• In the present application, we disclose certain novel uses of short-range wireless communications such as NFC in regard to management of specific capabilities and functions of mobile devices. Our application considers and presents uses of both passive NFC elements (“tags”), and active NFC devices, in both location-based and non-location-based situations.
  • BRIEF DESCRIPTION OF THE DRAWINGS
  • FIG. 1 is a schematic representation of a policy-based access control and management system for mobile handsets.
  • FIG. 2 is a schematic representation of a use of passive NFC tags for handset management associated with presence in a meeting room, theater, locker room, factory floor, secured facility, or other premises where individuals may come and go, within a policy-based system.
  • FIG. 3 is a schematic representation of a use of active NFC devices for handset management associated with presence in a meeting room or similar premises, within a policy-based system.
  • FIG. 4 is a schematic representation of use of passive, writable NFC tags plus tag polling for handset management associated with presence in a meeting room or similar premises, within a policy-based system. TagC represents a passive NFC tag located near the room entrance.
  • FIG. 5 is a schematic representation of use of multiple NFC tags for handset management for the case of a simple layered building perimeter and meeting room scenario.
  • FIG. 6 is a flowchart representing use of NFC tags to invoke policy decisions for device management.
  • DETAILED DESCRIPTION OF THE INVENTION
  • The following describes preferred embodiments. However, the invention is not limited to those embodiments. The description that follows is for purpose of illustration and not limitation. Other systems, methods, features and advantages will be or will become apparent to one skilled in the art upon examination of the figures and detailed description. It is intended that all such additional systems, methods, features, and advantages be included within this description, be within the scope of the inventive subject matter, and be protected by the accompanying claims.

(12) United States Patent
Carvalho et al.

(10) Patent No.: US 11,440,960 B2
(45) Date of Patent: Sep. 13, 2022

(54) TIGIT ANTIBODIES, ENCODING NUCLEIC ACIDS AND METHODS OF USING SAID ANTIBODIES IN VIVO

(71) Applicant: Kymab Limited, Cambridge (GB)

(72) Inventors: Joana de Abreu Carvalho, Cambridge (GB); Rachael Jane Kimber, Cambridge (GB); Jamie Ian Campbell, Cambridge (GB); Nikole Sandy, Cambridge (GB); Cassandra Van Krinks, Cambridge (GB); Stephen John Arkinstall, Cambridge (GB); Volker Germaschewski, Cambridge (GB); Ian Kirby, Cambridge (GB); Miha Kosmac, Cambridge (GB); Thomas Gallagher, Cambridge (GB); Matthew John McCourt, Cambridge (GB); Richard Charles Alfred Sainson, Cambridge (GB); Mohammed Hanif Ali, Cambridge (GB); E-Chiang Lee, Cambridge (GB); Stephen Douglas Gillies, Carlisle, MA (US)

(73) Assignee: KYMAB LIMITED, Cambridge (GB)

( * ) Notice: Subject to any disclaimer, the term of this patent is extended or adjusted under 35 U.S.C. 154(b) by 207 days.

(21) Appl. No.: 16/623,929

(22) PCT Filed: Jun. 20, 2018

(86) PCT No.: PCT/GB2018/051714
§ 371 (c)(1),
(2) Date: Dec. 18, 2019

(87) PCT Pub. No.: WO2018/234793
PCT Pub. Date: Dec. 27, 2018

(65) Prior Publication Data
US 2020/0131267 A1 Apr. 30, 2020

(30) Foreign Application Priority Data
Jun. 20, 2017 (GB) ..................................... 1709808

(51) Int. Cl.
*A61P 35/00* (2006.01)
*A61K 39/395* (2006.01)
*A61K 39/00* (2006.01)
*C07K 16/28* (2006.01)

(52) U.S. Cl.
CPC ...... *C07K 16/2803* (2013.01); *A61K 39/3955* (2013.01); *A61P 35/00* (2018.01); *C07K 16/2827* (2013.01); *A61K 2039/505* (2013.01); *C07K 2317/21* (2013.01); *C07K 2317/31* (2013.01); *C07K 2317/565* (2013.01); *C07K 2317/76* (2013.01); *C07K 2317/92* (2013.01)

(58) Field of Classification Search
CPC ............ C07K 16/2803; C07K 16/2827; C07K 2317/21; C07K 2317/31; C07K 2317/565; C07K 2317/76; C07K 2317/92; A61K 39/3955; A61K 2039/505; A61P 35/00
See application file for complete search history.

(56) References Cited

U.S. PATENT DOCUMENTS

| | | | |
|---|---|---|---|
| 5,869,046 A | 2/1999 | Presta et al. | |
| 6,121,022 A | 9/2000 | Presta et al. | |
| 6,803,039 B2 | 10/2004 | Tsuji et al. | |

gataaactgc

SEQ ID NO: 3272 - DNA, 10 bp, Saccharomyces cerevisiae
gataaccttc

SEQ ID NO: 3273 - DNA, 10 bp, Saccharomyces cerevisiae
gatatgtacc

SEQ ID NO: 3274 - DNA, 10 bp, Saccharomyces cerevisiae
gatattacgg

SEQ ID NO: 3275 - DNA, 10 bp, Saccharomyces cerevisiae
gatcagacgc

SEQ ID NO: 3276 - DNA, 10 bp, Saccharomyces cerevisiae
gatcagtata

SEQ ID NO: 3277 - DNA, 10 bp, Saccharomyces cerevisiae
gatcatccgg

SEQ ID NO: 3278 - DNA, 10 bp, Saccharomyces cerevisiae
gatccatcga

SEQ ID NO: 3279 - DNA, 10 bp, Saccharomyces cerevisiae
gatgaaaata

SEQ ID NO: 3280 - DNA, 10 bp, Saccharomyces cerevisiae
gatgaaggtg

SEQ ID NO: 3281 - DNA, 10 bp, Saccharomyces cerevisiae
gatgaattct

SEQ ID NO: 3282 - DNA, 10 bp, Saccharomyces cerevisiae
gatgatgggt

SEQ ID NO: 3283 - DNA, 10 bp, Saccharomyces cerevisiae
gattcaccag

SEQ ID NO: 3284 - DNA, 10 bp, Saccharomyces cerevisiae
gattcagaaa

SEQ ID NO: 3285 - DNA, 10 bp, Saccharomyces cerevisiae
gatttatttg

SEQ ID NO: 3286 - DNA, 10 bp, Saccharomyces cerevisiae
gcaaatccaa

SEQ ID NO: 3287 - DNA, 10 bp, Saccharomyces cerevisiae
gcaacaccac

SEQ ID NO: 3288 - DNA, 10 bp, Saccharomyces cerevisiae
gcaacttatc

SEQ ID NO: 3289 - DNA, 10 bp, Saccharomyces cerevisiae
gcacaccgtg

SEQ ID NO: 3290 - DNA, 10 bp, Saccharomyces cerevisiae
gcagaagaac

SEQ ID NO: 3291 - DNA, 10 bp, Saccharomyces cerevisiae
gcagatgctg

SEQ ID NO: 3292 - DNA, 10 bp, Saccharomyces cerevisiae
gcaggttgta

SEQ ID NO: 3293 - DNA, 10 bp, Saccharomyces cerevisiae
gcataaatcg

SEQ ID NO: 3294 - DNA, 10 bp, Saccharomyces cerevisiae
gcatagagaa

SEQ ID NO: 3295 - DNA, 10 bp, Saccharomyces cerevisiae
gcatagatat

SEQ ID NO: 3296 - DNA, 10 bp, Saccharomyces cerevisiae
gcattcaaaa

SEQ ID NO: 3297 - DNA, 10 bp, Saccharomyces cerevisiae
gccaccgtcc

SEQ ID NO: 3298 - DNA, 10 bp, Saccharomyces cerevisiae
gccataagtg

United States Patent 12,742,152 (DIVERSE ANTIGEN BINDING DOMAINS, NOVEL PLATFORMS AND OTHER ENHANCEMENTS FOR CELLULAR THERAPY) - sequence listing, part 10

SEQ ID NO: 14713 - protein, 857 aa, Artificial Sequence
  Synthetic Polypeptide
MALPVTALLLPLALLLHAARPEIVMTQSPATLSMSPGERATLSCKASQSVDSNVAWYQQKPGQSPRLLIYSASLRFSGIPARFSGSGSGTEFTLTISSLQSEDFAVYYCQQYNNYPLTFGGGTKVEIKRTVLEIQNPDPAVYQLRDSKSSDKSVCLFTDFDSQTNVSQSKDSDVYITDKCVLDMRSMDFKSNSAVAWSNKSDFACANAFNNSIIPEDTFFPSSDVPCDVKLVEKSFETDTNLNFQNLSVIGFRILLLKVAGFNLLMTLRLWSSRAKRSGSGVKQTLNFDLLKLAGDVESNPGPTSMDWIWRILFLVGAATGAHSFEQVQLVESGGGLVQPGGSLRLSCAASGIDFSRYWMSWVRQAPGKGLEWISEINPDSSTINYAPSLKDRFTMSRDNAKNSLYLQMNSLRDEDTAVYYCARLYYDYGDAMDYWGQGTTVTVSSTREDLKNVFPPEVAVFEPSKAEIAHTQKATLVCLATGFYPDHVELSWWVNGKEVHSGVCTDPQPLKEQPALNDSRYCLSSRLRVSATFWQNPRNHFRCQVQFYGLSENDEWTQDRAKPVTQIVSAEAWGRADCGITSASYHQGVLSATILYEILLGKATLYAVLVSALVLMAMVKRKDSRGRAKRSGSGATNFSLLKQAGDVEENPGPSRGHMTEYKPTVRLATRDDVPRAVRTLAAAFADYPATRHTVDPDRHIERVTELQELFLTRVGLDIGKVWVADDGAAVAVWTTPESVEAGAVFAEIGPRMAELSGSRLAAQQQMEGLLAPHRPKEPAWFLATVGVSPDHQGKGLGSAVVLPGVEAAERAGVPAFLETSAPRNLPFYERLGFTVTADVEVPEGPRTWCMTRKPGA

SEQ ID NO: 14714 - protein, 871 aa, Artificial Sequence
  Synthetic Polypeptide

• Aspects of the invention, including attestation and related concepts, can be implemented and utilized to both facilitate and augment such policy-based access control and management systems and methods, including ways in which attestation can be beneficially utilized in mobile computing security and mobile handset management.
  • U.S. patent application Ser. No. 13/945,677 discloses a system for policy-based access control and management for mobile computing devices, the disclosure of which is incorporated as if fully set forth herein, Such a system is summarized in FIG. 1. Particularly notable in such a system in the present context is the granularity of control that it allows in regard to permitted operations, plus network, file system, and device access on handsets controlled by the system. Furthermore, the system utilizes one or more Policy Decision Point (PDP) servers which respond to encrypted queries from handsets controlled by a given instance of the system. These PDP servers may be remote from the handset, or may even be hosted within the handset. The queries typically encapsulate requests for use of specific handset or network-accessible assets, and the PDP response to such a request is then received by the querying handset, with subsequent decisions made by the PDP then enforced by Policy Enforcement Points (PEPs) on the handset.
  • Short-range wireless technologies such as NFC can be beneficially utilized to complement and augment such a policy-based access control and management system.